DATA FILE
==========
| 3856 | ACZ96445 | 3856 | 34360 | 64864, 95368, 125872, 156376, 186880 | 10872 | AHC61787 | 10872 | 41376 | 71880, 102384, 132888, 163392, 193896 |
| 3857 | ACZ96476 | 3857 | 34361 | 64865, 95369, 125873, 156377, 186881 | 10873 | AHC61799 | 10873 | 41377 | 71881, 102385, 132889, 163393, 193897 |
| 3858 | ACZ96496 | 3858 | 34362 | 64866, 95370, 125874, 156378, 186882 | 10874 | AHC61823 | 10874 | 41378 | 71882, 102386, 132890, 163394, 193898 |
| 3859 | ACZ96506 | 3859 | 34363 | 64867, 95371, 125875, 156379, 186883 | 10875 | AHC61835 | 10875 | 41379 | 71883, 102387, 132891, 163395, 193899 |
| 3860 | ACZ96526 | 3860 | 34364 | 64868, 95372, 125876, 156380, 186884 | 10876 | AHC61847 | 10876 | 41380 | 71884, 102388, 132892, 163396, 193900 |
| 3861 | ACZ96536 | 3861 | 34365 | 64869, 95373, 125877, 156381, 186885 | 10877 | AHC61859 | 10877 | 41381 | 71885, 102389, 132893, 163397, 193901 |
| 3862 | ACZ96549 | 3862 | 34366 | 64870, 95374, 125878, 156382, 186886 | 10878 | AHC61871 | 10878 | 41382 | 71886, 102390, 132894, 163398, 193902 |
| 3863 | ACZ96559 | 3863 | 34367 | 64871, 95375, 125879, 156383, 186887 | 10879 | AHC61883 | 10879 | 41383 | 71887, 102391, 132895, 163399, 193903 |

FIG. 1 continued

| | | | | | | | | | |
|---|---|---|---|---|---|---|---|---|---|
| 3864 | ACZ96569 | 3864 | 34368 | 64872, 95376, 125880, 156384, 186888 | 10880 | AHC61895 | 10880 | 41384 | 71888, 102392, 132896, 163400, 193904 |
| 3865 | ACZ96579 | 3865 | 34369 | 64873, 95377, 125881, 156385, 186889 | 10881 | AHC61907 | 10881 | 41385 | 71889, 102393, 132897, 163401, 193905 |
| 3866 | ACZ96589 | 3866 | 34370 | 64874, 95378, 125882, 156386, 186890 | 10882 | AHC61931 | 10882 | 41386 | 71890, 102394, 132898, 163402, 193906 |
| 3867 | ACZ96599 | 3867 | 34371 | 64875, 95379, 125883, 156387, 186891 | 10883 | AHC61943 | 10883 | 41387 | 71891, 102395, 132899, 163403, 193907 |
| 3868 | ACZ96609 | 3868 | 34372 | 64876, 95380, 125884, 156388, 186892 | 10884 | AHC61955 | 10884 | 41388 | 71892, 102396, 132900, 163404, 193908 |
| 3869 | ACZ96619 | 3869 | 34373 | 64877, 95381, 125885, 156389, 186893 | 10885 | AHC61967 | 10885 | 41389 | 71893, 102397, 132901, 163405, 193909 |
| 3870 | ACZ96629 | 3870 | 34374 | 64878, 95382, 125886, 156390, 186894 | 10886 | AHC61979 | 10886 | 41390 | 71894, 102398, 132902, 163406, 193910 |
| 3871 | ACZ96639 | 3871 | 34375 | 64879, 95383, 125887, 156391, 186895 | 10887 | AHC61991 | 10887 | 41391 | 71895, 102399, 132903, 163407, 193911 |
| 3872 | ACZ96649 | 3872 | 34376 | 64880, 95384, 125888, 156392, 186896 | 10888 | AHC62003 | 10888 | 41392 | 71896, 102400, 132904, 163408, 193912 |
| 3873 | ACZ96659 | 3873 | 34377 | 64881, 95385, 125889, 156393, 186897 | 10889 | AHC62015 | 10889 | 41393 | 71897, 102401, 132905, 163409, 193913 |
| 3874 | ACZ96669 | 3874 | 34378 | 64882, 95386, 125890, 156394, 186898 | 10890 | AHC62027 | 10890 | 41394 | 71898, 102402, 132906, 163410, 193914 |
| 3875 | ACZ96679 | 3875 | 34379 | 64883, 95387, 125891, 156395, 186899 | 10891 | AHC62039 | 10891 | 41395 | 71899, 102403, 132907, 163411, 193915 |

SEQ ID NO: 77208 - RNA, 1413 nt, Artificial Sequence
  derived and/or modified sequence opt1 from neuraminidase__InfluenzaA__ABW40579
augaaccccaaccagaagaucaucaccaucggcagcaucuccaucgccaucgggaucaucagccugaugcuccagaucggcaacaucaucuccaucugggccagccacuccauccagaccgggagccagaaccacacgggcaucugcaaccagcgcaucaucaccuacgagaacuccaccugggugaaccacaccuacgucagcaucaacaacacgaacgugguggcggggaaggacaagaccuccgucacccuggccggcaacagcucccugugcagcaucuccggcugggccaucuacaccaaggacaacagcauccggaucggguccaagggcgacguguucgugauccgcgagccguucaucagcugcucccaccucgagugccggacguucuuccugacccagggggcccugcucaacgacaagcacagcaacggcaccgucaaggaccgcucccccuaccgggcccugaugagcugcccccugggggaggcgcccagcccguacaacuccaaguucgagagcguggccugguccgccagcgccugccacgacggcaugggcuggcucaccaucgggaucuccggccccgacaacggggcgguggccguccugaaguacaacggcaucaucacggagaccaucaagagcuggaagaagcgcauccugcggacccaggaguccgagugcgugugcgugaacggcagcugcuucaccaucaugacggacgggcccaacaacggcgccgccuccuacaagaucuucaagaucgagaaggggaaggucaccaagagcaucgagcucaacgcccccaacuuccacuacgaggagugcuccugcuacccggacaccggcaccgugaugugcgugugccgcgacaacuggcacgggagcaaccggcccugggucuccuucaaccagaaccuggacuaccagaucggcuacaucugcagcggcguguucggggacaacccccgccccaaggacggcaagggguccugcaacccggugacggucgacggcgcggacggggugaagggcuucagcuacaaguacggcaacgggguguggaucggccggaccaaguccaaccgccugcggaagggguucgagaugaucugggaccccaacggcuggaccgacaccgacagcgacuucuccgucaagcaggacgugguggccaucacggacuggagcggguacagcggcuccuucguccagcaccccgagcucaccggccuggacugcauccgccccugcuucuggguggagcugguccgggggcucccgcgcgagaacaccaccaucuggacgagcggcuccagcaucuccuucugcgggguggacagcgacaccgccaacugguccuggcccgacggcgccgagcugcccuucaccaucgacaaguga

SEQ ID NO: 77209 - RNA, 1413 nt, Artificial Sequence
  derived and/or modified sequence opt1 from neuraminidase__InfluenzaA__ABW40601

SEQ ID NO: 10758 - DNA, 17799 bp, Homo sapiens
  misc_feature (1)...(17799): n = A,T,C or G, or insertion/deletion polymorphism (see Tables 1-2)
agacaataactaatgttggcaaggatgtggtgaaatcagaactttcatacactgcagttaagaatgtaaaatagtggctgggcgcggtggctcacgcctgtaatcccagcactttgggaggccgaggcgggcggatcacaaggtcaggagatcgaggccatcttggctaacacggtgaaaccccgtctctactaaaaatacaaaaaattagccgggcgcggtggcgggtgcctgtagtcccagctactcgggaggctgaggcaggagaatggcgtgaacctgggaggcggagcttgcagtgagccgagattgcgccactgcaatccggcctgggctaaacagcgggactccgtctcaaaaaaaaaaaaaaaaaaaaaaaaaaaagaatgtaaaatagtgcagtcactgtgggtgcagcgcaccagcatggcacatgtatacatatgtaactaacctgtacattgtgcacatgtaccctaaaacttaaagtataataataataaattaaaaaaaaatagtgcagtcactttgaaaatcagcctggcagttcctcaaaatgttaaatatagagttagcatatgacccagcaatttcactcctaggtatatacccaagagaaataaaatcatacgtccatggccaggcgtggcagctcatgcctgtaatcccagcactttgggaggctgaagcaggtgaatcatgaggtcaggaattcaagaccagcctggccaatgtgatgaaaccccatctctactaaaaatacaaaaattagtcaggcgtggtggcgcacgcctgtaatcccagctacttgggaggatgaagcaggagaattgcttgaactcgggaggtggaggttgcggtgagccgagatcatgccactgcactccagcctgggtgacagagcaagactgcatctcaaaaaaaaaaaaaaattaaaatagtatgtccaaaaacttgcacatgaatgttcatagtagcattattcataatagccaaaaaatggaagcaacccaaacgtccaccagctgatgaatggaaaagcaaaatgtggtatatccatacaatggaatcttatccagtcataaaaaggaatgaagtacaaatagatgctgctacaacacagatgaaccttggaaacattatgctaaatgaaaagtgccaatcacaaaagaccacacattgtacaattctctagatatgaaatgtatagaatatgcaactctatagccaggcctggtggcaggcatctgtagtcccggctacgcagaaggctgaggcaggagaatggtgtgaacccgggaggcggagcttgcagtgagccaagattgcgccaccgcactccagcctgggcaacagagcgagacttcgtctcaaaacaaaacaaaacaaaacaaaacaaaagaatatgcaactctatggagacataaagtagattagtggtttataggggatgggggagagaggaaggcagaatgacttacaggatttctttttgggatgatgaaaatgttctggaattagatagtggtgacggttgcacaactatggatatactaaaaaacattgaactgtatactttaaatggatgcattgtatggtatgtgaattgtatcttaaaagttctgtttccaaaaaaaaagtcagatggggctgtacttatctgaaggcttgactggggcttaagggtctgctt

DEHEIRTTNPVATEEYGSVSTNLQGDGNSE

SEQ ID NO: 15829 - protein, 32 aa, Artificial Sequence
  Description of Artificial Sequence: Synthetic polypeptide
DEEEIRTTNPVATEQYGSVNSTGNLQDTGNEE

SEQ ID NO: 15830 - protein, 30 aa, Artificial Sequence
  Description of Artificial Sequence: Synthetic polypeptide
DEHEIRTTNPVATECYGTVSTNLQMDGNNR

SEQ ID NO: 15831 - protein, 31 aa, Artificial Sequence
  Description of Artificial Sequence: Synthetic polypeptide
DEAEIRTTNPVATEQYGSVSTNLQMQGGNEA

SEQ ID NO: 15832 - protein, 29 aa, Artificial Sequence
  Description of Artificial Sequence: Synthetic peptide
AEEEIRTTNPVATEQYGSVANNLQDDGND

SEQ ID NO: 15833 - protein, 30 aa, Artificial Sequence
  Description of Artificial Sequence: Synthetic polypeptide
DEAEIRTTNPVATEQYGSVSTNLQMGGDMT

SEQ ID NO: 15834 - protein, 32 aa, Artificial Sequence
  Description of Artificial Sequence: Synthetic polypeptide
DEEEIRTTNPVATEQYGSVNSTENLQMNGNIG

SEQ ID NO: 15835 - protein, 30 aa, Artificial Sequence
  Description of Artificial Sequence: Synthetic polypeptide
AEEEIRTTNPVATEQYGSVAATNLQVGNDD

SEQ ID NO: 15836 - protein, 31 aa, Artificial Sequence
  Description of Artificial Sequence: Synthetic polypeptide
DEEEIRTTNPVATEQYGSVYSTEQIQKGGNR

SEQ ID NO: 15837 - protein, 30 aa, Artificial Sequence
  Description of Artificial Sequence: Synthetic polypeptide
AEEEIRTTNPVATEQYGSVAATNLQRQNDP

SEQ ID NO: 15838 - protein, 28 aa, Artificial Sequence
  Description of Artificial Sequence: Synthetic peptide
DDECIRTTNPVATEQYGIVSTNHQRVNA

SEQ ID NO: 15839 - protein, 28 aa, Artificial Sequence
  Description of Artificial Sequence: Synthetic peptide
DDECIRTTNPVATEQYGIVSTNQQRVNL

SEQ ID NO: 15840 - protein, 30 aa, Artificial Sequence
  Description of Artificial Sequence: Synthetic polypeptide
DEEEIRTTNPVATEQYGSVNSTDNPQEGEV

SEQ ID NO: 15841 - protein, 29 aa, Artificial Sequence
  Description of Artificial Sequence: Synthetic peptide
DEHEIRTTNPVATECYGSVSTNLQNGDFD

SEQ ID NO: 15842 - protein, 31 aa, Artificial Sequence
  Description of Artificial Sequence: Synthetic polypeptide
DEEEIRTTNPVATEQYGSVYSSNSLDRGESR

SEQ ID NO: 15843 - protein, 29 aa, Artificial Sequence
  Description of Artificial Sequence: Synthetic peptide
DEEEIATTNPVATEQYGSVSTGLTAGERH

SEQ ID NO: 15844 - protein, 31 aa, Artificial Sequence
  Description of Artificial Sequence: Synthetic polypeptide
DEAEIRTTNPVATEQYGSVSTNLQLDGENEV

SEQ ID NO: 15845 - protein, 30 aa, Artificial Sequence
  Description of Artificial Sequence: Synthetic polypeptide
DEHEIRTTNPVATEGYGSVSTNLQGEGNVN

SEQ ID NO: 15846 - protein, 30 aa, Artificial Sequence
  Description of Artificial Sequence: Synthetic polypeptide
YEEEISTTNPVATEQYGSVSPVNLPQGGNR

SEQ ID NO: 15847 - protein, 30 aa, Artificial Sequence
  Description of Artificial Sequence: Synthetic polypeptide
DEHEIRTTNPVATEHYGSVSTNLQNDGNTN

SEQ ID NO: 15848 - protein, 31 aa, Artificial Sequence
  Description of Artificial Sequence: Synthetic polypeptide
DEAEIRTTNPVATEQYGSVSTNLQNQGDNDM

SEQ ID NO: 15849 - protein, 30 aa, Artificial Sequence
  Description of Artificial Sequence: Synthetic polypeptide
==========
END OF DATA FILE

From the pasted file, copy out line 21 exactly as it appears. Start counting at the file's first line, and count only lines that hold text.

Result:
| 3873 | ACZ96659 | 3873 | 34377 | 64881, 95385, 125889, 156393, 186897 | 10889 | AHC62015 | 10889 | 41393 | 71897, 102401, 132905, 163409, 193913 |